Mayweather, Pacquiao camps at odds

ByDan Rafael ESPN logo
Friday, March 20, 2015

Manny Pacquiao adviser Michael Koncz told on Thursday that Floyd Mayweather Jr. has declined to agree to terms for a penalty that would cost either man $5 million in the event of a failed drug test before or after their May 2 megafight at the MGM Grand in Las Vegas.

"Today we were informed that Mayweather turned down the request," Koncz said. "Manny had requested that there would be a reciprocal fine of $5 million for a failed drug test."

Koncz said that even though the agreements for the fight are signed, as is a separate agreement for the United States Anti-Doping Agency to oversee random blood and urine testing for the fight, they were still discussing terms for a substantial fine in the event of a dirty test. But Koncz said Mayweather attorney Jeremiah Reynolds sent a letter to Pacquiao attorney David Moroso on Thursday declining to enter into any agreements on a financial penalty for a failed drug test.

Leonard Ellerbe, CEO of Mayweather Promotions and Mayweather's close adviser, said Koncz should have had those terms negotiated into the main contract.

"Michael Koncz is an idiot, and Manny Pacquiao should be ashamed to have him as his representative, in my opinion," Ellerbe told "It's obvious he didn't read the contract. Why would he have his fighter sign something he was not happy with? The deal was negotiated up and down by his promoter [Bob Arum of Top Rank] on behalf of Manny with Floyd and Mayweather Promotions, and it's been well documented in the media for quite some time.

"If this moron didn't convey his fighter's wishes when the negotiation was going on, that's their problem. This is a lame-ass attempt to generate publicity."

Drug testing, of course, has been front and center throughout the five-year-plus saga to get boxing's most anticipated fight signed. When the sides first negotiated the bout in late 2009 and early 2010, they had agreed to all aspects of the deal except for the drug-testing protocol. Mayweather insisted on random, Olympic-style blood and urine testing, Pacquiao declined to agree to the specific form of drug testing, and the deal fell apart.

Not long after that, Pacquiao sued Mayweather for defamation and slander for saying that he had used performance-enhancing drugs, which Pacquiao has always denied. The case was ultimately settled out of court with Mayweather paying Pacquiao an undisclosed seven-figure sum.

"They have made derogatory statements for years about Manny [supposedly using PEDs], and now we challenged them by asking for the $5 million fine, and they refused to do it. It's disheartening," Koncz said.

Mayweather has required himself and his opponents to be tested by USADA for all of his bouts since 2010, while Pacquiao has sometimes used the Voluntary Anti-Doping Association to randomly test him and his opponent in recent years.

For the May 2 welterweight unification bout, expected to be the richest fight in boxing history, Pacquiao agreed to Mayweather's demand for USADA testing, and they signed contracts with the agency about three weeks ago.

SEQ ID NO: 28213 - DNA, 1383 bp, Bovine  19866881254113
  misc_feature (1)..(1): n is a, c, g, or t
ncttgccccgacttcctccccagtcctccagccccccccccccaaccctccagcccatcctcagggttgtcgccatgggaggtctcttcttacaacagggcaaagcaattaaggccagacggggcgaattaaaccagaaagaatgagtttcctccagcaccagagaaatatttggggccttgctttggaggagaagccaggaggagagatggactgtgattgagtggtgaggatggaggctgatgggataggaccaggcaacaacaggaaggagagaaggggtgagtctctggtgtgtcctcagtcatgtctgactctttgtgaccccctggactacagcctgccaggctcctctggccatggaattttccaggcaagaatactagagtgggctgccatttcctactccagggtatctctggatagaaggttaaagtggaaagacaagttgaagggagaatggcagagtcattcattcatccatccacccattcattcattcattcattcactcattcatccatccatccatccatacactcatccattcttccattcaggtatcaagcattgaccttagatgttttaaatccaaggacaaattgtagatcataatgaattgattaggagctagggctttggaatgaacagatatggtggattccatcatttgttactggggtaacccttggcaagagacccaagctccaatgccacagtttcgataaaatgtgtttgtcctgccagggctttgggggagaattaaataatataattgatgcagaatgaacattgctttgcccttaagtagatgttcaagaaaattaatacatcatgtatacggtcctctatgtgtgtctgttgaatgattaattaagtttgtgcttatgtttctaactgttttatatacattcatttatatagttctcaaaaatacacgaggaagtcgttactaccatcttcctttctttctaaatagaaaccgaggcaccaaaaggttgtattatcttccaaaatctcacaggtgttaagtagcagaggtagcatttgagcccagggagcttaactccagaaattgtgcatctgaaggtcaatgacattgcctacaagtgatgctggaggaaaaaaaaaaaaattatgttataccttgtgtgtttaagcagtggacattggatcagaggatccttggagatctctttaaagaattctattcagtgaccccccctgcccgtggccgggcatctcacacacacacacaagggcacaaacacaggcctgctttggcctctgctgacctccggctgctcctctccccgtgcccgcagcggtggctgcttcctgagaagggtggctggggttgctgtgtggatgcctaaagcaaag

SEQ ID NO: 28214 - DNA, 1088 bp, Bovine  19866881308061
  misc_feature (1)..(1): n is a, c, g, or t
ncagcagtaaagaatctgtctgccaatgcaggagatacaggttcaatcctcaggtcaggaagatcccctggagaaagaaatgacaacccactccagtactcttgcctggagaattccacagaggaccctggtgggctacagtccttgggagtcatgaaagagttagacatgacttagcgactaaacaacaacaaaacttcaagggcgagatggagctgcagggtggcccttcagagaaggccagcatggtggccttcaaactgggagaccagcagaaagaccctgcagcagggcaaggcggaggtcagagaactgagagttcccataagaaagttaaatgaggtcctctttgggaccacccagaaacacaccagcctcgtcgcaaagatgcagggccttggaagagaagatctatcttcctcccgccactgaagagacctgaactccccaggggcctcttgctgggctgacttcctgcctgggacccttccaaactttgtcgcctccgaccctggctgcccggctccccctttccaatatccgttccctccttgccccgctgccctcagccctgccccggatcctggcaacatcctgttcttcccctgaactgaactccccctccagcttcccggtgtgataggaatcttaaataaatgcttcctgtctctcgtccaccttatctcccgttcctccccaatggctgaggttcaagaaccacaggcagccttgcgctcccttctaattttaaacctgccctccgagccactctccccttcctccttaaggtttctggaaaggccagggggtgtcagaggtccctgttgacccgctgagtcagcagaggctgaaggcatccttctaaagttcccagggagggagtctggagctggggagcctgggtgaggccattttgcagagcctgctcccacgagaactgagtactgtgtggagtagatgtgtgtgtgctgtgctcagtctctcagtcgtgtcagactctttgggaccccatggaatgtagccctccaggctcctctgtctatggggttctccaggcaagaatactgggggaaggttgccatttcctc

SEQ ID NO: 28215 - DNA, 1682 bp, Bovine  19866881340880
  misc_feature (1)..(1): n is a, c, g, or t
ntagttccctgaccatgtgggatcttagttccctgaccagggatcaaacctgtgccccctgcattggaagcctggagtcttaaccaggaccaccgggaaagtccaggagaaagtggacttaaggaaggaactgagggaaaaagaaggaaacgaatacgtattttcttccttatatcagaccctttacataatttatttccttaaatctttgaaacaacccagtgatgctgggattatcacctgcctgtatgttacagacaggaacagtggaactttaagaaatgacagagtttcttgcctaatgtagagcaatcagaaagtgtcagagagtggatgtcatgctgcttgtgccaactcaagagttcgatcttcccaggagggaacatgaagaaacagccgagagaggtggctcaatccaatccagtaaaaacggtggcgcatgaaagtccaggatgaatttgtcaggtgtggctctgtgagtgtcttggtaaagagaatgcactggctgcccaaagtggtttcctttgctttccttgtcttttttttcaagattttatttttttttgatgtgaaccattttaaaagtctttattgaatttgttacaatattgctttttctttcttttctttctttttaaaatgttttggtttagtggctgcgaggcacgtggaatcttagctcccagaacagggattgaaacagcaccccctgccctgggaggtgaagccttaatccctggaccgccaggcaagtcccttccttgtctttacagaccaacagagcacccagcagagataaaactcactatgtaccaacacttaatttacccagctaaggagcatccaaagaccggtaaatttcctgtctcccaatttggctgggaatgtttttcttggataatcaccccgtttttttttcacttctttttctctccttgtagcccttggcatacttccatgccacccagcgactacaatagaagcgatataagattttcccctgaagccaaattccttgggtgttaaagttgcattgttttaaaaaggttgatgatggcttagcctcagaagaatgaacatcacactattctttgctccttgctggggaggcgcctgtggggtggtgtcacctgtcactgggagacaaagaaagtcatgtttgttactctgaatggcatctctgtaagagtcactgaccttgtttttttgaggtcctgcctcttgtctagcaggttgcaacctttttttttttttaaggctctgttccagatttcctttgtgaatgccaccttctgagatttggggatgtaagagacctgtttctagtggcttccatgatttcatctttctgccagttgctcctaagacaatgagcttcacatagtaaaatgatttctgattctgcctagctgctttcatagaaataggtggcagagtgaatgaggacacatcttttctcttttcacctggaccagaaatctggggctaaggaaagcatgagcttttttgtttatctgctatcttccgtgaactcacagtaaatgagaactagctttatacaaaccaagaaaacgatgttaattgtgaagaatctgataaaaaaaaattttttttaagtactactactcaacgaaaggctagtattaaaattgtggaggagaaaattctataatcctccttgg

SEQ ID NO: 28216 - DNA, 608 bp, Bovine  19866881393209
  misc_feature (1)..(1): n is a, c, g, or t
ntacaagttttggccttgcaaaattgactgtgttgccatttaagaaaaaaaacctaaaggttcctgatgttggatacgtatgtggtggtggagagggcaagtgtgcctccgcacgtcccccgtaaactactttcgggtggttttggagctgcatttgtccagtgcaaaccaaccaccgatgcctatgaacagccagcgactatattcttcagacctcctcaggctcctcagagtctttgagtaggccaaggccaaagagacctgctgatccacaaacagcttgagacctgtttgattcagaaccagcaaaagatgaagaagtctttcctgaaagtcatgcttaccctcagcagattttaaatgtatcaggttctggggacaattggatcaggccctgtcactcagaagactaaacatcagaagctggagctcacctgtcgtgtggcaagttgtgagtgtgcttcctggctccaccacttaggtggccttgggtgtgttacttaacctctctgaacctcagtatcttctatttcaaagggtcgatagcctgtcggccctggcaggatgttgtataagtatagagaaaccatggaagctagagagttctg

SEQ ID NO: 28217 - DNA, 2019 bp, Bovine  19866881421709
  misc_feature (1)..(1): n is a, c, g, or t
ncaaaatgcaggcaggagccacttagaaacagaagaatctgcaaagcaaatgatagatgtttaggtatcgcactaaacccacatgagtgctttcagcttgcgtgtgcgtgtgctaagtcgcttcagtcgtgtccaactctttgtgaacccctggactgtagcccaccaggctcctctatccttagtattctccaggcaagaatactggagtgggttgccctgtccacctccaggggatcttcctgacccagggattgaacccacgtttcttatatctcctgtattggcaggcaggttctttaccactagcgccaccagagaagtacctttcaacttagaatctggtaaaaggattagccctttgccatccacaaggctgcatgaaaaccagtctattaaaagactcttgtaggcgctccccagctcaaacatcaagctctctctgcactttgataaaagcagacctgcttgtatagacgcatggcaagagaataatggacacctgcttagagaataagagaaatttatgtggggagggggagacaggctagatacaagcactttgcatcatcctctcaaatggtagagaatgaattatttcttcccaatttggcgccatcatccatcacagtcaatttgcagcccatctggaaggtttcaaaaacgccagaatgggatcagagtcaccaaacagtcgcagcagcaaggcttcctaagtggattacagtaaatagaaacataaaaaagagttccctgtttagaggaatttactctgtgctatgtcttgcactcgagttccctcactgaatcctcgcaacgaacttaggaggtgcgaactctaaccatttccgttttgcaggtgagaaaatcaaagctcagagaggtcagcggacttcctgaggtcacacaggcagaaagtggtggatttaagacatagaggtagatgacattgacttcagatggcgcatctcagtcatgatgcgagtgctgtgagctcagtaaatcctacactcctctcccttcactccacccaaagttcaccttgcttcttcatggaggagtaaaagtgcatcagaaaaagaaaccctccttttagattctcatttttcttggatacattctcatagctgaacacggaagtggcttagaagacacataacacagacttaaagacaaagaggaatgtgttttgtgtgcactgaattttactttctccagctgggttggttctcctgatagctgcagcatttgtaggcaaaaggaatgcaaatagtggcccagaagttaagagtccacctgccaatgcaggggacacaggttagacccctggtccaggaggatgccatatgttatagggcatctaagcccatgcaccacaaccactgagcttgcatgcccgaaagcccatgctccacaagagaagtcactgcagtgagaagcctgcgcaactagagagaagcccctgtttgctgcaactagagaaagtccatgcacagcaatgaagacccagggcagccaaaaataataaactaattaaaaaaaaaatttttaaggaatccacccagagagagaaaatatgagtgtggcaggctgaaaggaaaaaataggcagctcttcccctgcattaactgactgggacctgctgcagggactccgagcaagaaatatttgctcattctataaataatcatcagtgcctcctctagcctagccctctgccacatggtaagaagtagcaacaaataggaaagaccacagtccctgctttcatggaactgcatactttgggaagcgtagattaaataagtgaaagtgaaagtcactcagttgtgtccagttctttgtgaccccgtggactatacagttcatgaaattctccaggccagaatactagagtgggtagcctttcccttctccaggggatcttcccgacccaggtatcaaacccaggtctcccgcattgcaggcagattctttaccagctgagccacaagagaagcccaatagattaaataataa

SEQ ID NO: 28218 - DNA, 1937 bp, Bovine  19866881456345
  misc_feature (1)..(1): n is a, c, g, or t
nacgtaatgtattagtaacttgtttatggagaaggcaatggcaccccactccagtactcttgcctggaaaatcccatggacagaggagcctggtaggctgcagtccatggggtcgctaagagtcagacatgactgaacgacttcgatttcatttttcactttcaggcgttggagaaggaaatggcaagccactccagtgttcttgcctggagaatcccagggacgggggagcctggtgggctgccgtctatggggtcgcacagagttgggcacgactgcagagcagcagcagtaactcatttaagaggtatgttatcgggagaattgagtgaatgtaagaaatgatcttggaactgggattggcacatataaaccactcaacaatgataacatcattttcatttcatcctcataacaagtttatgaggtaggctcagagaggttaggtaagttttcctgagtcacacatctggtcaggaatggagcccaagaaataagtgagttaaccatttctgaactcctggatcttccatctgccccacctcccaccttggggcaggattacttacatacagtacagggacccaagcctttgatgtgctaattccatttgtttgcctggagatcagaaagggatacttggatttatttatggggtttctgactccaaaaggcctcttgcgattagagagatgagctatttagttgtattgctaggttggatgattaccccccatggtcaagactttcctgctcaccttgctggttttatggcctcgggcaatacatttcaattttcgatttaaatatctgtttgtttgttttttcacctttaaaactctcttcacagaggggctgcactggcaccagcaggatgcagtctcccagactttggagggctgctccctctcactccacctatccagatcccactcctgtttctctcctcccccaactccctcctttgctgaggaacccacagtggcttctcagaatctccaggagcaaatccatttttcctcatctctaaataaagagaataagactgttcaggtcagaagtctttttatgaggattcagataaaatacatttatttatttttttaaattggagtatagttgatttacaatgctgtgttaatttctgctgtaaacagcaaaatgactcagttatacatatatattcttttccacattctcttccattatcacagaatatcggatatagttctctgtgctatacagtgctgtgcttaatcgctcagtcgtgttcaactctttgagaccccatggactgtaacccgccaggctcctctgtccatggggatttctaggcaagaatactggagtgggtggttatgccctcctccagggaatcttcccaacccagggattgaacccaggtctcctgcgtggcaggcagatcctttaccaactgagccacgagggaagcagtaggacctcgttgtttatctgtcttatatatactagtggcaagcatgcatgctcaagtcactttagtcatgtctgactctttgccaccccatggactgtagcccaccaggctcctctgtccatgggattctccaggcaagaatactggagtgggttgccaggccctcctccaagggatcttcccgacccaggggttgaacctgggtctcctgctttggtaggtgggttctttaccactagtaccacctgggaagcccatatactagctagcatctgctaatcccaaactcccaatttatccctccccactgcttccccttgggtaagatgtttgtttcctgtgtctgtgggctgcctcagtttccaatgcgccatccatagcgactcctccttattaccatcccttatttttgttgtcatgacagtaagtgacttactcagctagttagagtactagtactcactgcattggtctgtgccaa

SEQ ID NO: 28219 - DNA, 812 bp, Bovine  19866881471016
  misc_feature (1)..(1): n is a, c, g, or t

When asked why Pacquiao didn't negotiate the fine into the master fight agreement, Koncz said he was concerned with getting the fight signed and did not want to do anything to jeopardize very delicate negotiations. Besides, he said, both camps knew they would have to sign a separate agreement with USADA to outline the specific terms of the testing.

"We were still discussing the penalty. We've been going back and forth about it for the past three or four weeks. We hoped that we could sign that agreement around the same time as the agreement with USADA," Koncz said. "[The Mayweather camp] is saying, 'Why wasn't it brought up for the main contract?' Why does it have to be brought up for the main contract? Everything in the main contract pertains to the co-promotion and the promoters. You can argue all day if [a penalty agreement] should be with the USADA contract or the main contract. What do you have to lose or gain in that argument? It's a simple thing -- if you fail, you pay the other guy $5 million. The issue is simple -- are you willing to agree to a penalty of $5 million? The drug-testing terms and any penalty, that's between the fighters not the promoters.

"We have no recourse. We can't force Floyd into something. But we gave them an opportunity to put their money where their mouth is and they wouldn't. I won't speculate why. To me there is no legitimate argument. We know we're clean. That's why Manny said he would pay $5 million if he tested dirty. Manny was surprised [Mayweather refused]. He can't figure out why they wouldn't agree to it when Floyd is always talking about cleaning up the sport of boxing."

Added Ellerbe: "If Manny Pacquiao tested positive, it is going to cost him a whole lot more than $5 million. All parties signed a contract agreeing to every term. Where has this idiot Koncz been? It sounds like he didn't read the documents they signed. No wonder why his fighter is always confused. It sounds like that idiot is suggesting there's a $5 million price tag if Manny comes up positive. That sounds suspicious. All I know is we welcome random testing as we always have."

Koncz said Pacquiao, who is training at trainer Freddie Roach's Wild Card Boxing Club in Hollywood, California, has so far submitted to two random tests by USADA.

Ellerbe said he was unsure how many times Mayweather has been tested but said he has seen the specimen collectors around Mayweather's Las Vegas gym "three or four times" since he began training for the fight.

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